The Hidden Truth Nepal - A Study of HIV Vulnerability, Risk Factors and Prevalence among the Wives and Intimate Partners of Men who Inject Drugs. Ministry of Foreign Affairs, the Netherlands, Mainline Foundation, Amsterdam, et al (2011)

The hidden_truth

In Nepal injecting drug use is recognised as a significant driver of the HIV epidemic due to high levels of needle/syringe sharing and insufficient coverage of HIV prevention services. Previous studies have assessed people who inject drugs as a “most at risk population”, and have missed the opportunity to understand the related risks and vulnerability of their wives, intimate partners, children and communities. The “Hidden Truth - Nepal” has revealed previously unrecognised risks and vulnerability of wives, intimate partners and children of men who inject drugs in Kathmandu, Nepal.

 

 

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The Spread of HIV in Pakistan: Bridging of the Epidemic between Populations. Khanani MR, Somani M, Rehmani SS, et al (2011)

Of Transgender and Sin in Asia. Winter  S (2006)

In the last two decades, ‘concentrated epidemics’ of human immunodeficiency virus (HIV) have established in several high risk groups in Pakistan, including Injecting Drug Users (IDUs) and among men who have sex with men (MSM). To explore the transmission patterns of HIV infection in these major high-risk groups of Pakistan, 76 HIV samples were analyzed from MSM, their female spouses and children, along with 26 samples from a previously studied cohort of IDUs.


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Women who Use Drugs, Harm Reduction and HIV. The Global Coalition on Women and AIDS. (2011)

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This issue brief about HIV, harm reduction and the sexual and reproductive health and rights of women who use drugs is part of a series of briefng papers, commissioned by the Global Coalition on Women and AIDS (GCWA), and is designed to provide up-to-date information around key issues concerning HIV prevention, treatment and care related to women and girls. Harm reduction refers to policies, programmes and practices that aim to reduce the harms associated with the use of psychoactive drugs. The defning features are the focus on the prevention of harm, rather than on the prevention of drug use itself, including a focus on people who continue to use drugs.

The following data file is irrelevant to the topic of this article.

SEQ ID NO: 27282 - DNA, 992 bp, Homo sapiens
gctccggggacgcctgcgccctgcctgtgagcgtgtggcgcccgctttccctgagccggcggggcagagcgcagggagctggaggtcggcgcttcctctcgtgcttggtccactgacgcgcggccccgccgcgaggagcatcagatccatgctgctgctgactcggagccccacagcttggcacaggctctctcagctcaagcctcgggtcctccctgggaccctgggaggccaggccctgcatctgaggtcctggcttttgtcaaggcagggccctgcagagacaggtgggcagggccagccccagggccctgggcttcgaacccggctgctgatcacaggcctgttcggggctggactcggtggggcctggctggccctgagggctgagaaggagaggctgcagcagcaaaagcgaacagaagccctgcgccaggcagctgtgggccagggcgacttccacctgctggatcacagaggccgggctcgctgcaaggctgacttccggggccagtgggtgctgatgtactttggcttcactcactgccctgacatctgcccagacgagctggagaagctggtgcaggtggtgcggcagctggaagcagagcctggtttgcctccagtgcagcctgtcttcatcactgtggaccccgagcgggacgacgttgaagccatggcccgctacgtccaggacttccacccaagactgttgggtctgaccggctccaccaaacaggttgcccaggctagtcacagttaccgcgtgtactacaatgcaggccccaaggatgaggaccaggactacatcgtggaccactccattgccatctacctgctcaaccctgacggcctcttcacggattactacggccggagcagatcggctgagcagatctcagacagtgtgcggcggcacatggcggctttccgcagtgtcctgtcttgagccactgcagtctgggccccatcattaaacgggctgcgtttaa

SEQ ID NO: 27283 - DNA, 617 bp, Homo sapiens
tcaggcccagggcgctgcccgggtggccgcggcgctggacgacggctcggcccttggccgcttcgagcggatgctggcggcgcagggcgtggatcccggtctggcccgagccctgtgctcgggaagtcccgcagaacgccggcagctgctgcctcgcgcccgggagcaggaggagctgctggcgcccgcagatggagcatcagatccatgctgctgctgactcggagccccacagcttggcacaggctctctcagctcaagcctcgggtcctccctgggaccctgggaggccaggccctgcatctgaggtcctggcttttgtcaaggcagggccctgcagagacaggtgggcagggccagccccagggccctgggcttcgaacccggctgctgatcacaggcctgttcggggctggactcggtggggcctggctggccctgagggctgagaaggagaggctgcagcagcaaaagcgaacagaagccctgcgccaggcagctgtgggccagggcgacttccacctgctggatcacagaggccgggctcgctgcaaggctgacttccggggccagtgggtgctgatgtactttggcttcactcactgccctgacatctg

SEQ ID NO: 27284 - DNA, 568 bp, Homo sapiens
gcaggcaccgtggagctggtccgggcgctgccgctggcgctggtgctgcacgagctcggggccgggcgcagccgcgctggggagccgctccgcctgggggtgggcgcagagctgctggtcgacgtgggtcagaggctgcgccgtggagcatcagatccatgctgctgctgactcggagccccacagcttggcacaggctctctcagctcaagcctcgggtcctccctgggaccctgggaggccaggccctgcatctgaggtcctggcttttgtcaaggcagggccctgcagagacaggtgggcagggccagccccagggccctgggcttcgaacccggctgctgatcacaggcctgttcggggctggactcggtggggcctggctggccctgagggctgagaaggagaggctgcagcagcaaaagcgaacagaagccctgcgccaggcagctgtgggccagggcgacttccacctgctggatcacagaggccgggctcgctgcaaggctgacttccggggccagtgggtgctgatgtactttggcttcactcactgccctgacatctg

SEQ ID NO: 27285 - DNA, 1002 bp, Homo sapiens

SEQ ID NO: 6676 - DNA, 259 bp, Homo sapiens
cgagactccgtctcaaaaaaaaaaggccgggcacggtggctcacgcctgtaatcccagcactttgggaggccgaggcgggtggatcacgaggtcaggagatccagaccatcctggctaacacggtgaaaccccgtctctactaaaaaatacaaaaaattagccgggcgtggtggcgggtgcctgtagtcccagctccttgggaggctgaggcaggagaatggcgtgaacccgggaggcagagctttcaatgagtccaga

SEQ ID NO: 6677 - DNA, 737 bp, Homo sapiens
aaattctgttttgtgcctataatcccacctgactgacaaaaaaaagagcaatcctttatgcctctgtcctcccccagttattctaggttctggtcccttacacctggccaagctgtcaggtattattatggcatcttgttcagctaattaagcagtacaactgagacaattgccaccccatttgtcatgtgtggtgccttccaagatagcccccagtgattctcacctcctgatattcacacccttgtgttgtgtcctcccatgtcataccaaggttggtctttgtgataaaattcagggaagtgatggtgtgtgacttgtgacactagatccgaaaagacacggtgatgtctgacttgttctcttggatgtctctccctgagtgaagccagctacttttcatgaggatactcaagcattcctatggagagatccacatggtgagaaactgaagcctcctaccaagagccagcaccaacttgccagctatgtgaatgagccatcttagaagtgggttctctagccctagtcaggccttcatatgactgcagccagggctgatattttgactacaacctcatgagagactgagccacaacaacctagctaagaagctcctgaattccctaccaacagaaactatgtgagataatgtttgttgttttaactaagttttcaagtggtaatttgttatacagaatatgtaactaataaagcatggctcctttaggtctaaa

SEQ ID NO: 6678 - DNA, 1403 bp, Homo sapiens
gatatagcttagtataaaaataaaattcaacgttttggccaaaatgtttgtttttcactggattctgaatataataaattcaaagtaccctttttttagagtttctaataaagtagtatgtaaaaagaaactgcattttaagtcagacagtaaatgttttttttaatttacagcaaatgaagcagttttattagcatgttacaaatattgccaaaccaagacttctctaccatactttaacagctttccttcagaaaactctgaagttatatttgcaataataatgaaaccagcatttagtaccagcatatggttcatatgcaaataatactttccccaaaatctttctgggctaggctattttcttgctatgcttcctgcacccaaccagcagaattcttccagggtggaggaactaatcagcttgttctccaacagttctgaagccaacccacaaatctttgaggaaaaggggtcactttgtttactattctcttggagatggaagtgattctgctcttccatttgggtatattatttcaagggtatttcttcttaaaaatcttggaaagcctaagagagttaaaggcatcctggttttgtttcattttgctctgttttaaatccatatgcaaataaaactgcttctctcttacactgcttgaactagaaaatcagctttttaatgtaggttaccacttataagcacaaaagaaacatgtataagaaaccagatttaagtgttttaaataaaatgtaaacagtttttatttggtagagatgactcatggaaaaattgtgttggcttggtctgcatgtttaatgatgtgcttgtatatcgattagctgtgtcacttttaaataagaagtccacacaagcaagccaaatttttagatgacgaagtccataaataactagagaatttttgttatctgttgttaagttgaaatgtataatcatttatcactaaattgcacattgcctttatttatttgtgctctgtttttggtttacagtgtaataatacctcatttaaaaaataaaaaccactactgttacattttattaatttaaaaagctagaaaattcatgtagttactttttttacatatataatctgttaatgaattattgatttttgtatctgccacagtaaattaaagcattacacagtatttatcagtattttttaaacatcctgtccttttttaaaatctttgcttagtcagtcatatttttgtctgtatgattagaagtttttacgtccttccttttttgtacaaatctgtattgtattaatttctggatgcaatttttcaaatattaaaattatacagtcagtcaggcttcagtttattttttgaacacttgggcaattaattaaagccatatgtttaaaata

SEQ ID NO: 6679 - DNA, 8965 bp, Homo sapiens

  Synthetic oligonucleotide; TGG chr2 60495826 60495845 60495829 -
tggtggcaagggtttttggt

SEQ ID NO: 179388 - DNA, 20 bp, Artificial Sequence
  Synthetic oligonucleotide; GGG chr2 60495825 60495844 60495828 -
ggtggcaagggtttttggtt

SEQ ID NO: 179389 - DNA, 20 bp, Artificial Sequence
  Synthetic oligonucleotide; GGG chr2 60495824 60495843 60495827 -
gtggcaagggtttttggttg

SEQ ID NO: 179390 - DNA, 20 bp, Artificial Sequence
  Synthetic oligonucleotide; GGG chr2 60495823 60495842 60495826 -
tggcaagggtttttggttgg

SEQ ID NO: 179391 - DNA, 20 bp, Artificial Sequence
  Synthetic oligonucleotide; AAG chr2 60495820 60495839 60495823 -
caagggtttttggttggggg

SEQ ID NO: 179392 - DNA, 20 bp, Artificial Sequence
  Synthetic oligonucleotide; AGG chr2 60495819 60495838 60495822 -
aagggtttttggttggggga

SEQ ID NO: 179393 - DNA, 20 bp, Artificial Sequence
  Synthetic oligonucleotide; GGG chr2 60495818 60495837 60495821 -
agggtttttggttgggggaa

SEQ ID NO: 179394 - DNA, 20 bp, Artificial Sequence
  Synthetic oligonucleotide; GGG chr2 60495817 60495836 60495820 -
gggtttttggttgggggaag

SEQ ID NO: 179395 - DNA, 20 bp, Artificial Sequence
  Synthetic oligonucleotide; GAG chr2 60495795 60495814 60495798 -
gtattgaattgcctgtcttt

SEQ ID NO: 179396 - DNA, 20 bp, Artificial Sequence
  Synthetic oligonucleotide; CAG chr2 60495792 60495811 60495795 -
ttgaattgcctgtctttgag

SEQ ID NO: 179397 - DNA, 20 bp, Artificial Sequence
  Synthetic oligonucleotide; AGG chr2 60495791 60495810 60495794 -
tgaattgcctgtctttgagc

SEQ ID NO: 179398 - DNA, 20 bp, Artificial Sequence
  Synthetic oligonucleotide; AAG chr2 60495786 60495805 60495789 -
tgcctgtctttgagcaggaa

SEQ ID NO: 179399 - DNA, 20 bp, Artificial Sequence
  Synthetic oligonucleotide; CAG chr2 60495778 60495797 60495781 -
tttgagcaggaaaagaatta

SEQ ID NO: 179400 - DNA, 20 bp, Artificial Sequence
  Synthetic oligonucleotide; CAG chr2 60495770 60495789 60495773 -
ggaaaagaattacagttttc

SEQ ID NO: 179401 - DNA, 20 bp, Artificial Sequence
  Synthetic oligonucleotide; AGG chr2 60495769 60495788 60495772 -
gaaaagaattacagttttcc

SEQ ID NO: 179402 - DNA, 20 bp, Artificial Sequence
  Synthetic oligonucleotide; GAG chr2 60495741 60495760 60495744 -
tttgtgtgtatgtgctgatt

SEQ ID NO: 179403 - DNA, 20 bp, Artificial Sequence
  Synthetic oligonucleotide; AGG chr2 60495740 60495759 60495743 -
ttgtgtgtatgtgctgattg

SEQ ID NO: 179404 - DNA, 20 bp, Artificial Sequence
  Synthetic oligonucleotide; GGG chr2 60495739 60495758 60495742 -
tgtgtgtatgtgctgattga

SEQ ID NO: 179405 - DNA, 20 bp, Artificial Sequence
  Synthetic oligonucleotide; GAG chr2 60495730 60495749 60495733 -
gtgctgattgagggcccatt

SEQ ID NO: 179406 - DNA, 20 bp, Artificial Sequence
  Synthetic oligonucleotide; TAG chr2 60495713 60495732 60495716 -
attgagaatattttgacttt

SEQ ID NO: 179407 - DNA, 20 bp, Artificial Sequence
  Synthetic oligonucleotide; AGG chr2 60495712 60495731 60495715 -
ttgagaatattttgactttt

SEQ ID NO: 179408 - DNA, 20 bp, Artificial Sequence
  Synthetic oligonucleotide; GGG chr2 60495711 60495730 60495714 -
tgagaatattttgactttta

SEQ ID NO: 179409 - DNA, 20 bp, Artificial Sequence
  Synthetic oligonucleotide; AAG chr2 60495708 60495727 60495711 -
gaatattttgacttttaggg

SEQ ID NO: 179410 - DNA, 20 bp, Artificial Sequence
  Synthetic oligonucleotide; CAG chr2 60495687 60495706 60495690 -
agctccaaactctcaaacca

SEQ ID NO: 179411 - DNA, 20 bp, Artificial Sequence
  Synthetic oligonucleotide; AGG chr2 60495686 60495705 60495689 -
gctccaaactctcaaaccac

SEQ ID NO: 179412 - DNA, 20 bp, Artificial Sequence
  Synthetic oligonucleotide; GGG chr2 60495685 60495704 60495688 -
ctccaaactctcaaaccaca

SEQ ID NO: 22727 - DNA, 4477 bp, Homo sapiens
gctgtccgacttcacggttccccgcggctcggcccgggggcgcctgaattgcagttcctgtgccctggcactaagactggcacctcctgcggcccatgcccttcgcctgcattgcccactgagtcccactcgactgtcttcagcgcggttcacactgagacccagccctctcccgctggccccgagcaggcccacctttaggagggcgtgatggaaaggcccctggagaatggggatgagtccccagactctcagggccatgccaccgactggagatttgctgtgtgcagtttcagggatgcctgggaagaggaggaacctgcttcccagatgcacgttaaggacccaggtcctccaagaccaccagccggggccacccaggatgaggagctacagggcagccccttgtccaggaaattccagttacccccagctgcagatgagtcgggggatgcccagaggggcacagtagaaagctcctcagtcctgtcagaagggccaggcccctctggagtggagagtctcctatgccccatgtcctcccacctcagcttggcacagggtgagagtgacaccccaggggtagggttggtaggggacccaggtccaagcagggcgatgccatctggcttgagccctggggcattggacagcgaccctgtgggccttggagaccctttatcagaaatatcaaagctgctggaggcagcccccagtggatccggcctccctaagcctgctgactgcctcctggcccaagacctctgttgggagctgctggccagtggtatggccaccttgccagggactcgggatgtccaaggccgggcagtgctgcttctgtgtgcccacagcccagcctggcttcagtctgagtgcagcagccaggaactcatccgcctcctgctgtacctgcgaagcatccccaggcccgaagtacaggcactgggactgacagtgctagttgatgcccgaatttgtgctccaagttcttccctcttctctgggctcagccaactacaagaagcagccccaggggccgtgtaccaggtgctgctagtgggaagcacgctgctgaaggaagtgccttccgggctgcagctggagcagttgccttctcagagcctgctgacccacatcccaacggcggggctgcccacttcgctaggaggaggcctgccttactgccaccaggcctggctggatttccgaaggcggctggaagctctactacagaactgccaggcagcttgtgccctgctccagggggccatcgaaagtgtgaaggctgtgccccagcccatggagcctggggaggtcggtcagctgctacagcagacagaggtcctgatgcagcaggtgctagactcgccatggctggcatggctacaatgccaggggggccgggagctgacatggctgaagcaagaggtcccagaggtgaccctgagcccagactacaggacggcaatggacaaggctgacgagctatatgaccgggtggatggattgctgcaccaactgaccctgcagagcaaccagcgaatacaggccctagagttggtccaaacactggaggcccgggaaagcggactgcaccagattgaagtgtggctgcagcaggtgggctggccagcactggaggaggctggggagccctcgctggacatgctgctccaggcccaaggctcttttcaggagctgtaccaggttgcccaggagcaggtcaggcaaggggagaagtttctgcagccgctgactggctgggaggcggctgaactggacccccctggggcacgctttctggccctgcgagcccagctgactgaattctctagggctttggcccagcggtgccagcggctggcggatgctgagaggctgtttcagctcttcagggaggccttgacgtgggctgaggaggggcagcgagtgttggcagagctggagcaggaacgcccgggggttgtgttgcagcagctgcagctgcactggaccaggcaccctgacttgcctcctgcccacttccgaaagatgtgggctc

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A Preview of Law and Policy in South and South East Asia: Drugs, Treatment and Harm Reduction. The Lawyers Collective HIV/AIDS Unit (2010)

A Preview of Law and Policy in South and South East Asia: Drugs, Treatment and Harm Reduction. The Lawyers Collective HIV/AIDS Unit (2010) Unsafe injecting practices among people using drugs is a primary driver of HIV in many parts of Asia. As the fastest and most efficient route of transmission, injecting drug use with unsterile equipment is considered ‘explosive’ to the rapid spread of HIV. This impending threat is significant for a number of countries in South and South East Asia that report highest incidence of HIV infections among injecting drug users(IDUs).

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A Strategy to Halt and Reverse the HIV Epidemic among People Who Inject Drugs in Asia and the Pacific 2010-2015. WHO, USAID, UNODC, et al (2010)

A Strategy to Halt and Reverse the HIV Epidemic among People Who Inject Drugs in Asia and the Pacific 2010-2015. WHO, USAID, UNODC, et al (2010) A strategy to halt and reverse the HIV epidemic among people who inject drugs in Asia and the Pacific, 2010–2015 A regional strategy (2010–2015) for removing the barriers to “universal access” and “harm reduction” to halt the epidemics of HIV and viral hepatitis among and from people who inject drugs (PWID) in Asia and the Pacific was developed by the United Nations Regional Task Force on Injecting Drug Use and HIV/AIDS for Asia and the Pacific. It was developed in pursuit of the sixth Millennium Development Goal (MDG)2 which is to “Combat HIV/AIDS, malaria and other diseases”. Specifically, the targets are to “Halt and begin to reverse the spread of HIV/AIDS among 15–24-year-olds (6.1), increase condom use at high risk sex (6.2) and ensure that those who need it will have universal access to HIV/AIDS treatment including antiretroviral drugs by 2010 (6.5)”.